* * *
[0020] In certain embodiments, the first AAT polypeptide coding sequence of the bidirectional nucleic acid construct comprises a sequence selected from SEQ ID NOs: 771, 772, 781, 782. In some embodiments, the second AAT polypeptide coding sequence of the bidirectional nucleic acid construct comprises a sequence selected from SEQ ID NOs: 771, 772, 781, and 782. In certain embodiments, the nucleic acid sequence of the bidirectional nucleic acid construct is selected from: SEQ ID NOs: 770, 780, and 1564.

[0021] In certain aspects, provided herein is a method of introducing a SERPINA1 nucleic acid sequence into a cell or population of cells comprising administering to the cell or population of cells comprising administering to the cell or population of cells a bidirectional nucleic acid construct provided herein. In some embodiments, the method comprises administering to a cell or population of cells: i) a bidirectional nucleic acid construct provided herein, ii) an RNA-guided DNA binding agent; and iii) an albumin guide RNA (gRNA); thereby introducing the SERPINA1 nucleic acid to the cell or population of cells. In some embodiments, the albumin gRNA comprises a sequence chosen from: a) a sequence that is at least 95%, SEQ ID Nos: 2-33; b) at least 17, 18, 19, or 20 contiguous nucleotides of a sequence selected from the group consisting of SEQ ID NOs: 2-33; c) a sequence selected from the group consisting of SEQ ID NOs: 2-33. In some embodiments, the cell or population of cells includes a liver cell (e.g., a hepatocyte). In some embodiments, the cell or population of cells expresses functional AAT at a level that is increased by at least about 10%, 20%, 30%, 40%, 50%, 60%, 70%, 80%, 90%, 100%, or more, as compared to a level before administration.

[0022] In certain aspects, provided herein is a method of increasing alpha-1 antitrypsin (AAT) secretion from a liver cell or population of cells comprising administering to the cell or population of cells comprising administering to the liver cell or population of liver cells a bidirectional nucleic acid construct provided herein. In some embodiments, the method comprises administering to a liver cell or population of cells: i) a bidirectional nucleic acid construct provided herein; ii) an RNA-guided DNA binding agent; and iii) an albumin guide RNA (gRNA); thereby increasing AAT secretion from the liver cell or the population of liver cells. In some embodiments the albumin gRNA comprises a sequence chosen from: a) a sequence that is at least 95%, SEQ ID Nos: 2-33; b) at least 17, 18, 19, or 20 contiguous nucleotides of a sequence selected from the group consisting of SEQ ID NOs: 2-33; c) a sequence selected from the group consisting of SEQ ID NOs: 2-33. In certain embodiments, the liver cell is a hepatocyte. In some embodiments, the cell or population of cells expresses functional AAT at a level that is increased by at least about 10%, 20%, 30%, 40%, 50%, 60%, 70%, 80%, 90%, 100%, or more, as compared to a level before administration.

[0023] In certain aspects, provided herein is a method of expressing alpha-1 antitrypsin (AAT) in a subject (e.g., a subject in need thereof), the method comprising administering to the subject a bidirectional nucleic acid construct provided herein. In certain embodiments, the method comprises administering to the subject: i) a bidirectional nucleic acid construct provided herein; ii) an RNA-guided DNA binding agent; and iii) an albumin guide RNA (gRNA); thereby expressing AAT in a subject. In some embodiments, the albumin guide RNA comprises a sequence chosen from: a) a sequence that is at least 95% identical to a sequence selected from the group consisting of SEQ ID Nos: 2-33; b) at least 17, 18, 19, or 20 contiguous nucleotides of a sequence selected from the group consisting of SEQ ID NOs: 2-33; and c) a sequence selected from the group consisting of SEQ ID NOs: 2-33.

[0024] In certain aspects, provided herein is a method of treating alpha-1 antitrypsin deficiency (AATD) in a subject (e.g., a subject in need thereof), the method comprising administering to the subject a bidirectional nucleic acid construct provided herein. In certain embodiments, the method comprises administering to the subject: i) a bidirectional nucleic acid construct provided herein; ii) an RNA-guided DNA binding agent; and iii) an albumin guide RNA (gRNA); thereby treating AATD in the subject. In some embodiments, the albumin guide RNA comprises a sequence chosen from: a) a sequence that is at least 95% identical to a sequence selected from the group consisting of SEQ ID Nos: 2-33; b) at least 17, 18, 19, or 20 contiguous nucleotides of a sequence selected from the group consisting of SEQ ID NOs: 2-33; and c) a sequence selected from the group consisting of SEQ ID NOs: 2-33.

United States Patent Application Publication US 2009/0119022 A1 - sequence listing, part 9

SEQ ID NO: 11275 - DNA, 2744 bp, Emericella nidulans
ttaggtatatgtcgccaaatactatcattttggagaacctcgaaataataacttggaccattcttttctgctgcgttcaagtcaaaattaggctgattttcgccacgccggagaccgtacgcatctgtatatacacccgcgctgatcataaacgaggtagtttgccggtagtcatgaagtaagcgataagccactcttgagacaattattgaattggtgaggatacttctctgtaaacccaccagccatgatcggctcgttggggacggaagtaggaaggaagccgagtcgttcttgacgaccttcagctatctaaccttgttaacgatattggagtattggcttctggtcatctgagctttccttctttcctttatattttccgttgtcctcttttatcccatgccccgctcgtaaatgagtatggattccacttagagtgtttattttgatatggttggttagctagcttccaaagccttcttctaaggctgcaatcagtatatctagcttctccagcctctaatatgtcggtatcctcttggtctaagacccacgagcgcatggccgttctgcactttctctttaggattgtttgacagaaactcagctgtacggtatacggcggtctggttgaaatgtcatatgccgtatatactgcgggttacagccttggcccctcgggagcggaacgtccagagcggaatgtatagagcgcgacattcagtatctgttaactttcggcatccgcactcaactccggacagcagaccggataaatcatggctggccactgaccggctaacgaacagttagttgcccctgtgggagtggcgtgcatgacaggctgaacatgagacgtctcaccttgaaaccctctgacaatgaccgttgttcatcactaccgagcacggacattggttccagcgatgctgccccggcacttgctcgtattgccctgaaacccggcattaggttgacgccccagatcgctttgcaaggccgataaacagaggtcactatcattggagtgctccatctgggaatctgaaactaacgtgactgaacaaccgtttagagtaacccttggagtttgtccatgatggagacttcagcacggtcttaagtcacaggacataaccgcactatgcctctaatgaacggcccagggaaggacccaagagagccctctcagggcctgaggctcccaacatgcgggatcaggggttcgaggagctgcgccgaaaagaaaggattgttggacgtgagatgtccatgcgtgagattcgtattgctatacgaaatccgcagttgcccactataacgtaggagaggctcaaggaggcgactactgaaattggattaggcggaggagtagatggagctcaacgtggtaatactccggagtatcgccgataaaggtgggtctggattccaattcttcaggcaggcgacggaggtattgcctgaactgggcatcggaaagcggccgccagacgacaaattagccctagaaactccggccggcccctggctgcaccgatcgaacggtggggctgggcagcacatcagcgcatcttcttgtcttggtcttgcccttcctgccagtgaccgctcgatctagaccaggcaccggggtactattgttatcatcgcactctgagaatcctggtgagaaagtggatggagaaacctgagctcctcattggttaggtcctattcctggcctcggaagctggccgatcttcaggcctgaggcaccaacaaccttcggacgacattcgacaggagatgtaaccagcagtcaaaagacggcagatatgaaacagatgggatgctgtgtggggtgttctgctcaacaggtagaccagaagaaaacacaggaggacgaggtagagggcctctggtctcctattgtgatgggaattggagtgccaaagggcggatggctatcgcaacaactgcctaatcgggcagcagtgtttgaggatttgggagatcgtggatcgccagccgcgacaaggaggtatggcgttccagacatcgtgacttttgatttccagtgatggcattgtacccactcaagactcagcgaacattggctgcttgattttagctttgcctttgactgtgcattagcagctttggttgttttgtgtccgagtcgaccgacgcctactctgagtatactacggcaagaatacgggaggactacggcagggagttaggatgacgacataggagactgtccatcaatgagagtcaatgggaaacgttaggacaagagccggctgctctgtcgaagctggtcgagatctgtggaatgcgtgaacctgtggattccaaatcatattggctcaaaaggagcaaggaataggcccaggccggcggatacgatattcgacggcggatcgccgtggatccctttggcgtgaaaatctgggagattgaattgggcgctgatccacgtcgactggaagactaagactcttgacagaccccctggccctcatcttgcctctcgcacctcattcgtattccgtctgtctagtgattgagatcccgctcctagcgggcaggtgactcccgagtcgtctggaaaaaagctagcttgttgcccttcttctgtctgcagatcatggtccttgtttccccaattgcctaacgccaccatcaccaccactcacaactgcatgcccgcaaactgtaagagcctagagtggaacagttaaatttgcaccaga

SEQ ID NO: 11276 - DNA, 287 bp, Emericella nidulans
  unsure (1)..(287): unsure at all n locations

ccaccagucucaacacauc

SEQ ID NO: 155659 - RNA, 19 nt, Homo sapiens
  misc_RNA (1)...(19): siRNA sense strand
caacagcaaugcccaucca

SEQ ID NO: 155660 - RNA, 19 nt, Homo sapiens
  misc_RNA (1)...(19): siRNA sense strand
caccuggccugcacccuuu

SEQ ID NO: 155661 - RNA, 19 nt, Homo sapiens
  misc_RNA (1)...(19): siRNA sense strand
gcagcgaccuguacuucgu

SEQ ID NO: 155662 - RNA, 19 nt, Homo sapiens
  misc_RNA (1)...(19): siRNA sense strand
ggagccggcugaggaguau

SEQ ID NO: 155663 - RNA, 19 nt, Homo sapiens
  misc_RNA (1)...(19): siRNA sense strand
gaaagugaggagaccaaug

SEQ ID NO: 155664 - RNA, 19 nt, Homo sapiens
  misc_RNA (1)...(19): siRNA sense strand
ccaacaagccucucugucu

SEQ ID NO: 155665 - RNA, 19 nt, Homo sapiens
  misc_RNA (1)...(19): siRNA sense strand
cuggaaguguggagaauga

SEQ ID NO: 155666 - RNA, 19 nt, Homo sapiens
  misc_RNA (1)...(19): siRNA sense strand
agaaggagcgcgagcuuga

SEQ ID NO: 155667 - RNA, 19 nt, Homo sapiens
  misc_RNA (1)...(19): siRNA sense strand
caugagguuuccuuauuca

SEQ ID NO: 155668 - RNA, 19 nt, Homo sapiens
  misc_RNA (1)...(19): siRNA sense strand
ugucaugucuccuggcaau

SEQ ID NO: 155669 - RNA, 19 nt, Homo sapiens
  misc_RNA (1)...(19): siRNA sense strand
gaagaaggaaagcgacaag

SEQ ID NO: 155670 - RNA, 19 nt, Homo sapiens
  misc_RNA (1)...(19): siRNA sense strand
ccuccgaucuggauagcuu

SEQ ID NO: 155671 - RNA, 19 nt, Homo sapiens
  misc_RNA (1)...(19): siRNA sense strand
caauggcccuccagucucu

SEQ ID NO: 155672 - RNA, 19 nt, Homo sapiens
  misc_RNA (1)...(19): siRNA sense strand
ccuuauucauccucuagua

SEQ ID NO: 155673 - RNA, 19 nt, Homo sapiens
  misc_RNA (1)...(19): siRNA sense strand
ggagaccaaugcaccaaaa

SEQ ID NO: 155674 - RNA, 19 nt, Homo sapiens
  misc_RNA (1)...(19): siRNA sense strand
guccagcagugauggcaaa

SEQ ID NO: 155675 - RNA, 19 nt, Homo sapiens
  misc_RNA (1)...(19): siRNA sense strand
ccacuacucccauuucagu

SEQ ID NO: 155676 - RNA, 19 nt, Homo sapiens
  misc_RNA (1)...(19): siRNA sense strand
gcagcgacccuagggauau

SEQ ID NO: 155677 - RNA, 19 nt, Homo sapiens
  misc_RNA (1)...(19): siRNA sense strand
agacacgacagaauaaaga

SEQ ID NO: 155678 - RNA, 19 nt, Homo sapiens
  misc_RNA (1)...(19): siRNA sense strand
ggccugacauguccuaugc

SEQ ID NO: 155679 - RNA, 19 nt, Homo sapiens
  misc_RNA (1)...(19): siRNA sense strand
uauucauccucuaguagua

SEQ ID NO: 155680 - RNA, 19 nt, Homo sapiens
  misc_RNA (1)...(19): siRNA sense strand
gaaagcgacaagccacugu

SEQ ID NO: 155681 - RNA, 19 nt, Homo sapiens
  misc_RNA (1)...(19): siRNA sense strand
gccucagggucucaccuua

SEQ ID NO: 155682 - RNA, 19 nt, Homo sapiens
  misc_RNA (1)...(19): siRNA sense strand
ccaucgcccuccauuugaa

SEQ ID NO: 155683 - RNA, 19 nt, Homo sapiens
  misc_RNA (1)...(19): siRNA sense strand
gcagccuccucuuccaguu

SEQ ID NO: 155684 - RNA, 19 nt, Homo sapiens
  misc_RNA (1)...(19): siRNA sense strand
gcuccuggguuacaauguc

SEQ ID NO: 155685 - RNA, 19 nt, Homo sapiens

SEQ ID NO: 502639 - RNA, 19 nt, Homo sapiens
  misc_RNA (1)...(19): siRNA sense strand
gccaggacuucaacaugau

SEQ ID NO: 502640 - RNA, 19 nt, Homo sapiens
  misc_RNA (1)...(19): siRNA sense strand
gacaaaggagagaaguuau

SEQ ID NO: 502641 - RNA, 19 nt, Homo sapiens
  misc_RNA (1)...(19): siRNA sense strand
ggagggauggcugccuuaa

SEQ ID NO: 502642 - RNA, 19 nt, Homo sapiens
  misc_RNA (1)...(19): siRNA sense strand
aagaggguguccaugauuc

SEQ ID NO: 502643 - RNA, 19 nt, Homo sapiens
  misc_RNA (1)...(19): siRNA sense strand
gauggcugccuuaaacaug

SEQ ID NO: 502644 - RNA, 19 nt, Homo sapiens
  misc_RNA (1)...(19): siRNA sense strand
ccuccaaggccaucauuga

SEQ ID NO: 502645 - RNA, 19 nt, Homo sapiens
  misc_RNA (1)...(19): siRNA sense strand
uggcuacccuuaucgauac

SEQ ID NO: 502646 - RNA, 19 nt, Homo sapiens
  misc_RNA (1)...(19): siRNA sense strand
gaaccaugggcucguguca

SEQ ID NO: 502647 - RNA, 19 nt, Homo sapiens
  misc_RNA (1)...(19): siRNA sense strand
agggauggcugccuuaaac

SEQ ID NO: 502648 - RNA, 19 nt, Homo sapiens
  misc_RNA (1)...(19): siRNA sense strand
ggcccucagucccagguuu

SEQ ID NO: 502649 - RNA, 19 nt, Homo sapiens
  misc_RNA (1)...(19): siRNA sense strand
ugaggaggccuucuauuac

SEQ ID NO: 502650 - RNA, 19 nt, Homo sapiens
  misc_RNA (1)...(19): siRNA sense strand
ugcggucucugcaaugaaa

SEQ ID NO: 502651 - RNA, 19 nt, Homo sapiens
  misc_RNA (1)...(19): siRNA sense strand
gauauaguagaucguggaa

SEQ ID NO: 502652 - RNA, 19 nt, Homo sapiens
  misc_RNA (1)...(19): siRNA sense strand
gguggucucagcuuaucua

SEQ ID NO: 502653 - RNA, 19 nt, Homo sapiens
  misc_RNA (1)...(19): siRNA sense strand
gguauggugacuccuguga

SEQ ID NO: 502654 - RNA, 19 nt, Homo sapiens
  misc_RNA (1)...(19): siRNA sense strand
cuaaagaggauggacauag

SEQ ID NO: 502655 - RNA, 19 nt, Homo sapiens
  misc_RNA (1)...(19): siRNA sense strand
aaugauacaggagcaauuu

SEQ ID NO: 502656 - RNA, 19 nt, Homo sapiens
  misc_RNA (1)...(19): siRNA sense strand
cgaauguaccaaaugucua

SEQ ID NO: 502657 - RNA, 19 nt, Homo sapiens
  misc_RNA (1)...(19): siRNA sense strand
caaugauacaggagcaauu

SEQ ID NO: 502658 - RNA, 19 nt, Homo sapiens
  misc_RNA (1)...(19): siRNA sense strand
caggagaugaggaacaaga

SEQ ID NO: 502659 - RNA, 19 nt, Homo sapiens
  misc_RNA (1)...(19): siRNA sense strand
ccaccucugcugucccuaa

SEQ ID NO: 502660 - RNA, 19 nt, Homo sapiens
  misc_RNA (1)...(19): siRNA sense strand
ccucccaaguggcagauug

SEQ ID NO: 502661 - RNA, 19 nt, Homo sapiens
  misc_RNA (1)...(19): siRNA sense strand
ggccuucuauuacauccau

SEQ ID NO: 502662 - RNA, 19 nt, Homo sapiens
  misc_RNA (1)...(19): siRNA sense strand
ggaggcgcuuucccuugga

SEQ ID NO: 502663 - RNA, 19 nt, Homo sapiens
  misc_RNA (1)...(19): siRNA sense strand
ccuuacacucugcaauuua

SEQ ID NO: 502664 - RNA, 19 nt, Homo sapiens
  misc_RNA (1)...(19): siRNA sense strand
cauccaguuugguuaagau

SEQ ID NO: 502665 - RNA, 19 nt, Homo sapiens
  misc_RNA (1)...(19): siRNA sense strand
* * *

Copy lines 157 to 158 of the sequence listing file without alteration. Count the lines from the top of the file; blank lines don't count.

SEQ ID NO: 502661 - RNA, 19 nt, Homo sapiens
  misc_RNA (1)...(19): siRNA sense strand